Smart Motorways: Rollout paused as government responds to Transport Committee’s damning Nov21 Report
Updated: Apr 20, 2022
What has happened?
In November 2021 the Transport Select Committee published the results of its second inquiry into the rollout and safety of smart motorways. The Transport Committee recommended that the rollout of smart motorways should be paused until their safety can be delivered and assured. The Committee also concluded that the March 2020 decision to make all new motorways all-lane running was premature as the evidence-based was insufficient.
On 12 January 2022 the Government accepted all of the transport committee’s key recommendations and confirmed that the rollout of all-lane running smart motorways will be halted to enable five years of safety and economic data to be analysed for every all-lane running scheme introduced before 2020.
Where work is already underway on smart motorways additional emergency refuge areas, and stopped vehicle detection technology, will be installed where possible.
Why should I care? What has this got to do with planning?
In our opinion the Government’s recent announcement is important for a number of reasons:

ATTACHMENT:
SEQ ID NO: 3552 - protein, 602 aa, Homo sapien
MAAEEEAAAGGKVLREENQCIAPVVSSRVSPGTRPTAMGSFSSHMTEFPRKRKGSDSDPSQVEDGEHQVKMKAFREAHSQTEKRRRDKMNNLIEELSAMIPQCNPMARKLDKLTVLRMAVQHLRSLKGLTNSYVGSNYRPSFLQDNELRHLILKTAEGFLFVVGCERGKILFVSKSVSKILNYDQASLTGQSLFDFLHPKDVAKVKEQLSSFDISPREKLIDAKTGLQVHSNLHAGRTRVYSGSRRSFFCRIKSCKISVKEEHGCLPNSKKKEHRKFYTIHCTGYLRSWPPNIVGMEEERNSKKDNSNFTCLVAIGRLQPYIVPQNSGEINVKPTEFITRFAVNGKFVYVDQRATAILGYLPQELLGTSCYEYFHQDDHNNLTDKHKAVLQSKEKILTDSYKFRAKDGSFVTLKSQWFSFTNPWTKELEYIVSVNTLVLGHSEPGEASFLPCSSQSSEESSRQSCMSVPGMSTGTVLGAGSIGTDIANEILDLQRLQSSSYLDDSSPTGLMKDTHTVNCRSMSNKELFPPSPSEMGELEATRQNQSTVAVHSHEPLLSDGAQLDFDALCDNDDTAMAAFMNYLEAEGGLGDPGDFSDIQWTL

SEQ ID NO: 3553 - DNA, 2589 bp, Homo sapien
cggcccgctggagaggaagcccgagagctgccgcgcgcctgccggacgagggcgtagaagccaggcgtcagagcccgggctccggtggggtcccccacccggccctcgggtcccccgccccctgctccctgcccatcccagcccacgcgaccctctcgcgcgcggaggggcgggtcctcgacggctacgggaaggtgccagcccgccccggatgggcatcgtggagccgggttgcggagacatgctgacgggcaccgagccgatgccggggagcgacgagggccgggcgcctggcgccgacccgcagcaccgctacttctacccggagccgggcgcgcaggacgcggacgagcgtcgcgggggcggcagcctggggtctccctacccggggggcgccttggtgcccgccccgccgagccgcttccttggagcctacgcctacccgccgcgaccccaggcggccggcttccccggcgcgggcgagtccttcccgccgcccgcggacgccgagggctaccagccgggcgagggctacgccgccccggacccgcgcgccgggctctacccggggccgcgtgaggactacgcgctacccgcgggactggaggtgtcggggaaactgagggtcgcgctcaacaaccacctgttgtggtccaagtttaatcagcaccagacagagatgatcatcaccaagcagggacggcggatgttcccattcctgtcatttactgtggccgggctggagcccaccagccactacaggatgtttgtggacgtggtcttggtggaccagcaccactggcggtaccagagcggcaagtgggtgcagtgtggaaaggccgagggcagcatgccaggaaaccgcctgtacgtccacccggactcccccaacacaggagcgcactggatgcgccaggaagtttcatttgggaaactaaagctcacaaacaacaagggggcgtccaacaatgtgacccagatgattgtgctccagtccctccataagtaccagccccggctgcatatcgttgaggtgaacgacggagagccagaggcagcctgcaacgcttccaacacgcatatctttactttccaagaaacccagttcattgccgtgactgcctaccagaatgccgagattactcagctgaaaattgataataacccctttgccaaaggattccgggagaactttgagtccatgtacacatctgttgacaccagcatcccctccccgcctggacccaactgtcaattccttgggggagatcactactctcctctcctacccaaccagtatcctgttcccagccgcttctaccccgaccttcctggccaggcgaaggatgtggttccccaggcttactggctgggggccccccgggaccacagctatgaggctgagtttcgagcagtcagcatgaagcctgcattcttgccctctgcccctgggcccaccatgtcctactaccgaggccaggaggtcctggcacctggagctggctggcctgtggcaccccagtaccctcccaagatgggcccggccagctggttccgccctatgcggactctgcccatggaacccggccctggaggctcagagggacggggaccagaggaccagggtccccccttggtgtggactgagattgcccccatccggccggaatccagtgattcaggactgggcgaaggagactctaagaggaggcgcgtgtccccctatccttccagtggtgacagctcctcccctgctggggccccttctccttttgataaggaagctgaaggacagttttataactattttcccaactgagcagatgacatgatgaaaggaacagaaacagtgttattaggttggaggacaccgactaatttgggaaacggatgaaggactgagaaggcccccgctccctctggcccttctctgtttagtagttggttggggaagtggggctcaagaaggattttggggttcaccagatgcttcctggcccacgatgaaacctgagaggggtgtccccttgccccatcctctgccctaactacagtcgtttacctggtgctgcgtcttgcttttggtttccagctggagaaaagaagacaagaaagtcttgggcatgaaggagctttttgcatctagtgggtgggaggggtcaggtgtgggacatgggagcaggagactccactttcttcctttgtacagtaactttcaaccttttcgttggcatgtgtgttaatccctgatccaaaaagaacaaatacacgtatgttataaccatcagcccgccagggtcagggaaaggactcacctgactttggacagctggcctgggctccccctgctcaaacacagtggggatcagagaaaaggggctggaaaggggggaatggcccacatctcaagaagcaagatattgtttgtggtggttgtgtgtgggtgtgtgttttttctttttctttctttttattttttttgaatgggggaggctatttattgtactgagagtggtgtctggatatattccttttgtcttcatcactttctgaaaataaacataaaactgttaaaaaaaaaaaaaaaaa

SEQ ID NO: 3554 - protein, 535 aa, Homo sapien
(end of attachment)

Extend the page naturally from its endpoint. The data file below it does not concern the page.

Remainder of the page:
We think it is important at the personal level because anyone who travels any distance on the motorway network is very likely to use a smart motorway. Road users should be able to use new high-speed motorway layouts (particularly those as radical as smart motorways) knowing that they have been thoroughly evaluated and properly designed with highway safety, not cost savings, as the primary consideration.
As a professional, if you are involved in any scheme that is reliant upon increased motorway capacity arising from a smart motorway then the project faces potentially serious delays and uncertainty.
Finally, and perhaps most importantly for those of us involved in development work, it shows that the Department for Transport is not infallible.
If you have had any experience negotiating with the Department for Transport then you will know that their design standards and planning protocols are complex and rigorously applied.
We have a strong track record of success negotiating with the Department for Transport to achieve our clients’ objectives.
Some clients have, however, simply accepted whatever the Department for Transport has said without challenging it.
Hopefully this latest Government announcement will help convince clients that it is often worth negotiating with, and sometimes challenging, the Department for Transport.
There is a case study on this website HERE describing one such case where we obtained agreement with the Department for Transport, and Kent County Council, for a contentious development proposal on one of the most sensitive sections of the motorway network in the south-east.